Two days at E3 with a Vicon Revue life-blogging camera (video)

Tim Stevens
T. Stevens|06.25.10

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Two days at E3 with a Vicon Revue life-blogging camera (video)
Each year the video gaming Mecca that is the Electronics Entertainment Expo seems to get a little more... stale. I've been attending since 1997, back when PC games dominated the show floor, scantily-clad mascots were everywhere, and press releases were handed out in three-ring binders. Despite the increasing sameness of it all it's still a huge privilege to go, an invitation I receive every summer and wish I could share with all my gamer friends -- which is, at this point, just about all of them. This year, thanks to Vicon, who kindly let me borrow one of its wearable Revue cameras, I can finally take you all along for the ride.
The Revue is basically a re-brand of Microsoft's SenseCam, designed way back in 2004 as a tool to capture people's very existences -- one picture at a time. Vicon is bringing it to the masses as the Revue, at a very stiff premium despite its six-year-old specs. This VGA camera takes photos every 30 seconds or so, storing them to 1GB of storage. The cost? A whopping £500. That's about 750 of my hard-earned dollars.

Why so 'spensive? The device is aimed at research, particularly surrounding memory, where subjects wearing the cameras have been shown to exhibit greater retention after looking over their day's photos. The camera connects and charges via USB and software is included (an Adobe AIR app) to extract the photos and then tag and search them later, but the experience is hardly premium. For one thing the app doesn't detect the camera unless you remove it and plug it back in again, and once the photos are sucked onto your system there's no easy way to export them back out again. (Pro-tip: on Windows they're buried under the "Vicon Revue Data" folder in My Documents.)

As far as the hardware goes, that VGA sensor is both a blessing and a curse. Image quality is decidedly low, but tiny files (just 25KB) means an entire day will clock in at around 40MB. Joystiq editor (and math savant) Chris Grant determined that if a person captured their entire life in this way it'd take up a little over 1TB of storage -- smaller than your average NAS these days. The wide-angle lens can also produce some interesting shots and, while the purist within me was left wanting better quality images, this thing less about capturing your day with stunning detail and more about simply capturing what happened, and that it does.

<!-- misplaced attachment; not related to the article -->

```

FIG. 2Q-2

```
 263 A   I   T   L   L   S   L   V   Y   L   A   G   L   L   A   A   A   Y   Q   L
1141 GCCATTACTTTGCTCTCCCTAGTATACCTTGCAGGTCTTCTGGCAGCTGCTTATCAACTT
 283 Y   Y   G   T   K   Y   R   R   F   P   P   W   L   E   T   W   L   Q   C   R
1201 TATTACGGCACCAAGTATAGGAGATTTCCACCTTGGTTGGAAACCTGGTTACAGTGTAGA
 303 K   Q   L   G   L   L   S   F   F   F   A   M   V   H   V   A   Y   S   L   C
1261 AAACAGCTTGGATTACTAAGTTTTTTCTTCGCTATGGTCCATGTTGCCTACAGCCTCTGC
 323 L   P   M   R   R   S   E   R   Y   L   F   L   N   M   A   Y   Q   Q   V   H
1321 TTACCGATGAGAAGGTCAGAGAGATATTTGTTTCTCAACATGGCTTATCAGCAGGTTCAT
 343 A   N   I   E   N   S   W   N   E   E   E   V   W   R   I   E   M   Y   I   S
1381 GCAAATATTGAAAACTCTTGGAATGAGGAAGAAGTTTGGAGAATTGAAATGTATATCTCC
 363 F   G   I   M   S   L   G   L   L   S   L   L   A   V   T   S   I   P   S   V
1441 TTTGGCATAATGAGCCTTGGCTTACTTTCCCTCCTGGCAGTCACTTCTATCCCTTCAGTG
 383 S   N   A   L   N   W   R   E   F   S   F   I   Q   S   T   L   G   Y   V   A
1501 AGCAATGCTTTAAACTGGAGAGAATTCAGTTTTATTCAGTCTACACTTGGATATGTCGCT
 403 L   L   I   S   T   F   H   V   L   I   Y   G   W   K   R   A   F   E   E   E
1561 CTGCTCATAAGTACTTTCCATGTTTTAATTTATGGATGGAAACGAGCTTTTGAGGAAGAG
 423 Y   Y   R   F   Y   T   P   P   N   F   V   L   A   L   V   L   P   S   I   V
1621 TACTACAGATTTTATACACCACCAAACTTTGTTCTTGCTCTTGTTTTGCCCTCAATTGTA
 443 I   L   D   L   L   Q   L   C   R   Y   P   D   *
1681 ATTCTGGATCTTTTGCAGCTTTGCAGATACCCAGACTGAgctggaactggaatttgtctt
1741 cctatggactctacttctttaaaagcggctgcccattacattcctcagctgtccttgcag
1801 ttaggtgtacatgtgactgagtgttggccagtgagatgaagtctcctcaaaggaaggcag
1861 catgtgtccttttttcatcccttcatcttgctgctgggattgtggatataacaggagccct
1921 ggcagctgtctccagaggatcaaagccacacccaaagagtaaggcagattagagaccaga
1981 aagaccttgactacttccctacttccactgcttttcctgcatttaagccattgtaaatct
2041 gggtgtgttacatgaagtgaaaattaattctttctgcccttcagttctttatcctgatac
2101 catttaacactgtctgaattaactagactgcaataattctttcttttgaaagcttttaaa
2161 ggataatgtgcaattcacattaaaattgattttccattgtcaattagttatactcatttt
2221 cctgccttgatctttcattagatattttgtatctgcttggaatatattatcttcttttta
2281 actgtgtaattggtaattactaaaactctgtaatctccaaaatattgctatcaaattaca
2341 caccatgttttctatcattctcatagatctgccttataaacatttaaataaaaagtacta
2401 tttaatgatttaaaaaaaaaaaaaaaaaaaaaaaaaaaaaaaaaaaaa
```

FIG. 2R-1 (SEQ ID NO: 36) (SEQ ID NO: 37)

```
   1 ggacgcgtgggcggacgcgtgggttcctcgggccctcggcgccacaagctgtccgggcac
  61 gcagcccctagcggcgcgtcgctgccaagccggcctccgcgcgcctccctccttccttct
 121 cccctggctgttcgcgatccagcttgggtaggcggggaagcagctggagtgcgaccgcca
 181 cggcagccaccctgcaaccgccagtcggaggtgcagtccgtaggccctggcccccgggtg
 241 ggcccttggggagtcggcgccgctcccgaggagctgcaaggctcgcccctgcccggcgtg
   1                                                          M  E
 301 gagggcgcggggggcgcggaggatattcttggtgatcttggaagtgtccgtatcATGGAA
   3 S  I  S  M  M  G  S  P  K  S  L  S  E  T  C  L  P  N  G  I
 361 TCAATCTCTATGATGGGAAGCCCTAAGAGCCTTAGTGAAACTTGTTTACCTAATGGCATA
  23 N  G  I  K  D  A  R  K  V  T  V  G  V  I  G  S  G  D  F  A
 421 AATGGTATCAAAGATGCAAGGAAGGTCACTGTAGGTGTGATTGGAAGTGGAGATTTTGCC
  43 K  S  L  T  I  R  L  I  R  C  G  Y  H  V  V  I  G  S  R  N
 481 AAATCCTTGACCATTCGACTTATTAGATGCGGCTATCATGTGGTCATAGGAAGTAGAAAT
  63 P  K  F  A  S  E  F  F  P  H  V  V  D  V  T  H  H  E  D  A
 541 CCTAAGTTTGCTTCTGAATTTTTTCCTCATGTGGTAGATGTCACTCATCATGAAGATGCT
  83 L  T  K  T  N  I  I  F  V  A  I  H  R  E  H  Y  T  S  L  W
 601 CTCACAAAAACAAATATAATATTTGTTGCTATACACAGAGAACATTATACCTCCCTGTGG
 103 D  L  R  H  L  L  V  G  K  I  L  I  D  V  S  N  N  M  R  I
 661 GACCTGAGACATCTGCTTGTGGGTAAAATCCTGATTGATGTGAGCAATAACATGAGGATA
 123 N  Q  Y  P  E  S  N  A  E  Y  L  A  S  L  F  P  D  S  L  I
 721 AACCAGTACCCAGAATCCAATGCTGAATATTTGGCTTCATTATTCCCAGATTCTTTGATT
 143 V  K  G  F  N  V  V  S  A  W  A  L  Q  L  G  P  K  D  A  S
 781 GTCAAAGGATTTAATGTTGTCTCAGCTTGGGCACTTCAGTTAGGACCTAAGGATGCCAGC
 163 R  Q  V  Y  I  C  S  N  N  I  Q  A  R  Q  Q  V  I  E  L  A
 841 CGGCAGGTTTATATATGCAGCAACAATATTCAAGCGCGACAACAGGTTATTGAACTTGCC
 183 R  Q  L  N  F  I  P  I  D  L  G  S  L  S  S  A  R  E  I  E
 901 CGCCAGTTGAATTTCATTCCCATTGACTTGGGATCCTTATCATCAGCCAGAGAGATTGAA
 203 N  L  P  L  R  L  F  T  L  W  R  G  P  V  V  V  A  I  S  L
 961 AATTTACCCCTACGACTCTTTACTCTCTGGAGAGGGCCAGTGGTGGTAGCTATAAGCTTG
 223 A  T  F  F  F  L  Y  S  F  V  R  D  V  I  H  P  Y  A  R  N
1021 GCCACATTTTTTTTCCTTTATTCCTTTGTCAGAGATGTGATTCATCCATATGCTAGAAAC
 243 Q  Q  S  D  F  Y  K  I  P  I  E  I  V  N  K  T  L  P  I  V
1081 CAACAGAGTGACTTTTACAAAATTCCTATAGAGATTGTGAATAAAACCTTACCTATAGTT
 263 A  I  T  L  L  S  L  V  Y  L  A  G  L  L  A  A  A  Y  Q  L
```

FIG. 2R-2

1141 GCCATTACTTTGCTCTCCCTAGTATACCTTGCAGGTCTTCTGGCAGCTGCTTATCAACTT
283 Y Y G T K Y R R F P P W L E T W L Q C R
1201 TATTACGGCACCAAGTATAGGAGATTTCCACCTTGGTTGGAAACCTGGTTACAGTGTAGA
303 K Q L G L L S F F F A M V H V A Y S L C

That said, not all aspects of the hardware can be spun so positively. The unit houses a number of sensors that are supposed to work together and determine the "right time" to take a picture, but we found it rarely deviating from the 30 second mark. Even when stuffed in a bag during a private meeting it still kept clicking away without a single photon to tickle its CCD, as you can see at the 3:38 mark in the video. Also, its use is somewhat less than intuitive, offering three buttons and three blinking LEDs, none of which are labeled. I had a hard time remembering what they all mean -- I can only imagine the issues someone suffering from problematic memory would have. Oh, and in case you're wondering, one of those buttons enables privacy mode, the idea being you tap it before entering the bathroom to prevent it capturing you doing your duty.

Yes, I forgot to hit that button more than once. No, the resulting pictures are not in the video (I hope).

Suffice to say it was an interesting experience wearing this around for two days, an experience captured in the video above starting with Nintendo's pre-show conference, traversing the show floors multiple times, camping out in the press room for many hours (most of which I excluded in the sake of brevity), and, finally, ending at a bar in the Figueroa Hotel. Due to time constraints I sadly wasn't able to do something less frivolous with this, like seeing if it could actually improve the memory of my father, who suffers from vascular dementia. And, given the current cost of this thing, it's unlikely I'll be doing that on my own in the future. At $750 I'm going to hazard a guess that I'm not the only one thinking this thing doesn't quite fit into their budget, but I'm sure with a little searching some far cheaper alternatives could be found... even though life-blogging today is decidedly less trendy than it was six years ago.
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